Gef: What projects are you cooking up that folks can expect in the near future, and how can folks keep up with your shenanigans?

Phillip: The Severed Empire series is just revving up. Wizard’s Rise is book one. Out this summer is book two, Wizards’ War. These two books tell one complete story. Each is roughly 400 pages (in paperback). Book three, out hopefully by winter, is a standalone and tells the origins tale of a secondary character, Blodwyn (The Assassin’s Promise). Additionally for Mirror Matter Press, I am writing a science fiction thriller, (currently untitled), loosely based on “actual events,” and then a fourth Severed Empire installment with a working title of Wizard’s Reach. Lastly (for my writing commitments in 2016), I will be writing a science fiction horror novel for Severed Press (also untitled at the moment).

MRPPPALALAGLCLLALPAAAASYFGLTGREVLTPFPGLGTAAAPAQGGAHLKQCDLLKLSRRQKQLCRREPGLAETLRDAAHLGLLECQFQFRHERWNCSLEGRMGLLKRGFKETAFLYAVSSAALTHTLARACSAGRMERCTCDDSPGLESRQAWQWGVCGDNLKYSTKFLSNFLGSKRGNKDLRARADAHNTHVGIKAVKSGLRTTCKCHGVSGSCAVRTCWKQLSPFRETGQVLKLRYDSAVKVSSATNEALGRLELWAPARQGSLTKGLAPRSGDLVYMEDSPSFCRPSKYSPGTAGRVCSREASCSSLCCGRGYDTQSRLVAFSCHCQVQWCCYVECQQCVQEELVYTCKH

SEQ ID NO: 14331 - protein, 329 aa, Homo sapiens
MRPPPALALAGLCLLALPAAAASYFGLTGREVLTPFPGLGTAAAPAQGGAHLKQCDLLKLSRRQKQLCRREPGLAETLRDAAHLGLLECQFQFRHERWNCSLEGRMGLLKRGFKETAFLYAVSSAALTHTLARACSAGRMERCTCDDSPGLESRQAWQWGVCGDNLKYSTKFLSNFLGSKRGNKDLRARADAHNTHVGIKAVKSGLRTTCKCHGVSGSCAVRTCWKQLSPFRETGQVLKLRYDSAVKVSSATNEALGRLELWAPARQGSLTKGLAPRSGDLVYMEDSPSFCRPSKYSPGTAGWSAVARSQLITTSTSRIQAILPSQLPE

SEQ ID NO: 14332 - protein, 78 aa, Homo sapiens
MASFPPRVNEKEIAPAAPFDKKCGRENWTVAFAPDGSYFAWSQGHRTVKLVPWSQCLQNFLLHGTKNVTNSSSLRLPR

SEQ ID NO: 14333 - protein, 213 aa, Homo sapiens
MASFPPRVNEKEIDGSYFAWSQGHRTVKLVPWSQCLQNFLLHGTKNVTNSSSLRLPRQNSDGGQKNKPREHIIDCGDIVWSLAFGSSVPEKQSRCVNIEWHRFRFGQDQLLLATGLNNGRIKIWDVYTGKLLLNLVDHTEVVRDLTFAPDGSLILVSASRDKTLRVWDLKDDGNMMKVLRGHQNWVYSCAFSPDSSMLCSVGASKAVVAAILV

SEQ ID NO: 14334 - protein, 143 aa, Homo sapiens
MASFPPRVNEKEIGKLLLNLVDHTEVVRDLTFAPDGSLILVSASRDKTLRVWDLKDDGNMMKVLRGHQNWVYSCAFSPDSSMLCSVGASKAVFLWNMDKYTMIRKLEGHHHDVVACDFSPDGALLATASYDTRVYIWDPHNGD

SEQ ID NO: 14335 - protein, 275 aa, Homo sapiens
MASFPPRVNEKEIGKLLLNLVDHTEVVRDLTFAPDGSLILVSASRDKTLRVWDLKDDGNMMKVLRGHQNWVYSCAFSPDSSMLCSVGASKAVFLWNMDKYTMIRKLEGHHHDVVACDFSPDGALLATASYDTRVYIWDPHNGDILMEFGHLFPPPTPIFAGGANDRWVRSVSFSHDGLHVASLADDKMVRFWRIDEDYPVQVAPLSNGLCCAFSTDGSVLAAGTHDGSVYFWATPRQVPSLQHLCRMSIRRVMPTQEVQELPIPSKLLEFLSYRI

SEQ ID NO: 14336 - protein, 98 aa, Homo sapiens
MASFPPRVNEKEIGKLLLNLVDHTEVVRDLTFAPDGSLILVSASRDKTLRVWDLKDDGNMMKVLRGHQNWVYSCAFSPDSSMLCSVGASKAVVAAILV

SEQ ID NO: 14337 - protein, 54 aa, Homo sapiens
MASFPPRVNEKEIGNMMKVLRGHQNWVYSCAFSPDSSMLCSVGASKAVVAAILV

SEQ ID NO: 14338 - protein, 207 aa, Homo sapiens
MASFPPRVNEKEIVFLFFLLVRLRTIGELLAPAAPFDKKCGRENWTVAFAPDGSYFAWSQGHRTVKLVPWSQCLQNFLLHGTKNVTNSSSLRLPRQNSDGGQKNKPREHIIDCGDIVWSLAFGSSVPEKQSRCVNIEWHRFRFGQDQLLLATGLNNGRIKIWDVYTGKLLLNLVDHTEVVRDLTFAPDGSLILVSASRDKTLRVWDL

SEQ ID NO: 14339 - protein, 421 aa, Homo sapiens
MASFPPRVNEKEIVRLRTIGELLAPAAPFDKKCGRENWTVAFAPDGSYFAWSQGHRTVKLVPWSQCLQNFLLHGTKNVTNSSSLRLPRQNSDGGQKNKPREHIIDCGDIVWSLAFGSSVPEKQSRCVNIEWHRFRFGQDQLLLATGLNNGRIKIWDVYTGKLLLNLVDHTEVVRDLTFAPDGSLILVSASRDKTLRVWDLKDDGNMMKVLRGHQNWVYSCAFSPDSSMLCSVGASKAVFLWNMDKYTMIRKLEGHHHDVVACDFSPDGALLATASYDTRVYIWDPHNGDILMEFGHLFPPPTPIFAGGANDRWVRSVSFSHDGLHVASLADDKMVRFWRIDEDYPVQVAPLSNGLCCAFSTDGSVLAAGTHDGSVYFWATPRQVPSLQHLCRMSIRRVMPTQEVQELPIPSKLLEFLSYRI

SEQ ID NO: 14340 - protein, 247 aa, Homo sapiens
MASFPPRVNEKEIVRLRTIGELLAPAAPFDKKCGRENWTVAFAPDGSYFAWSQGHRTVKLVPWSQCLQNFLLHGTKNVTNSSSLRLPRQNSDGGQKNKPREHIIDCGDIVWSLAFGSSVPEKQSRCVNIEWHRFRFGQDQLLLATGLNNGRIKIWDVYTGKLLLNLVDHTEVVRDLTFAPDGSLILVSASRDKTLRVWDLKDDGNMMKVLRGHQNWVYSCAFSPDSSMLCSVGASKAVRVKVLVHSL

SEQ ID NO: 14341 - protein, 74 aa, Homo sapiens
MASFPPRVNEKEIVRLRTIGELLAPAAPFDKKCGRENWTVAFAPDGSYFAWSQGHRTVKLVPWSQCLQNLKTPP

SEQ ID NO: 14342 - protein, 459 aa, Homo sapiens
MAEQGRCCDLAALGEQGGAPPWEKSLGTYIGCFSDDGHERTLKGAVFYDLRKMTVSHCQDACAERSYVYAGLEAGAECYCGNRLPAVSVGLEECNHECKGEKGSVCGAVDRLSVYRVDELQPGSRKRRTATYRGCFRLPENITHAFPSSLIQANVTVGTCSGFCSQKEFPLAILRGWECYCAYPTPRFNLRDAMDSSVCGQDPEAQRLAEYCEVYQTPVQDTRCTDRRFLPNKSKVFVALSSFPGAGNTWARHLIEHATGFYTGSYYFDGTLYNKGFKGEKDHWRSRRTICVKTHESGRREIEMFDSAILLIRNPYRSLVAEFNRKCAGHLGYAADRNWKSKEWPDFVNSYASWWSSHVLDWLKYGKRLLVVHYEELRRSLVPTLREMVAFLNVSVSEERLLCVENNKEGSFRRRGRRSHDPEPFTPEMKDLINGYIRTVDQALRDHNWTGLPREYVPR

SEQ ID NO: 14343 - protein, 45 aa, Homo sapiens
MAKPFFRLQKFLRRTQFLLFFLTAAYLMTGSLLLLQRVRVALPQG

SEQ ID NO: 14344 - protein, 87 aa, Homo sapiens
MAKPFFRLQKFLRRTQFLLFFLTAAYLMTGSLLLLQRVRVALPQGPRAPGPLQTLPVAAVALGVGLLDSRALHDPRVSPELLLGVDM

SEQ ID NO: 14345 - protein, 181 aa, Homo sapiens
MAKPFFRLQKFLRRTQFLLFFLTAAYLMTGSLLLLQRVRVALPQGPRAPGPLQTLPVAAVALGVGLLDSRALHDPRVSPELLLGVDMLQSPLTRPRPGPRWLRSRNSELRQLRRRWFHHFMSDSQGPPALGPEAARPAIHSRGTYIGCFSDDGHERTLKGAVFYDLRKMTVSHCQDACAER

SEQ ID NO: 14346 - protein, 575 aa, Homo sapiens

Thank you for the interview, for the amazingly tough questions, and the opportunity for me to share some of me with some of your readers. I greatly appreciate the opportunity.

If people are interested in keeping up to date on my work (fingers crossed), below are some ways!


  1. Thanks for the interview. Had a great time with the questions! Have an awesome weekend!

  2. Thanks for the interview. Had a great time with the questions! Have an awesome weekend!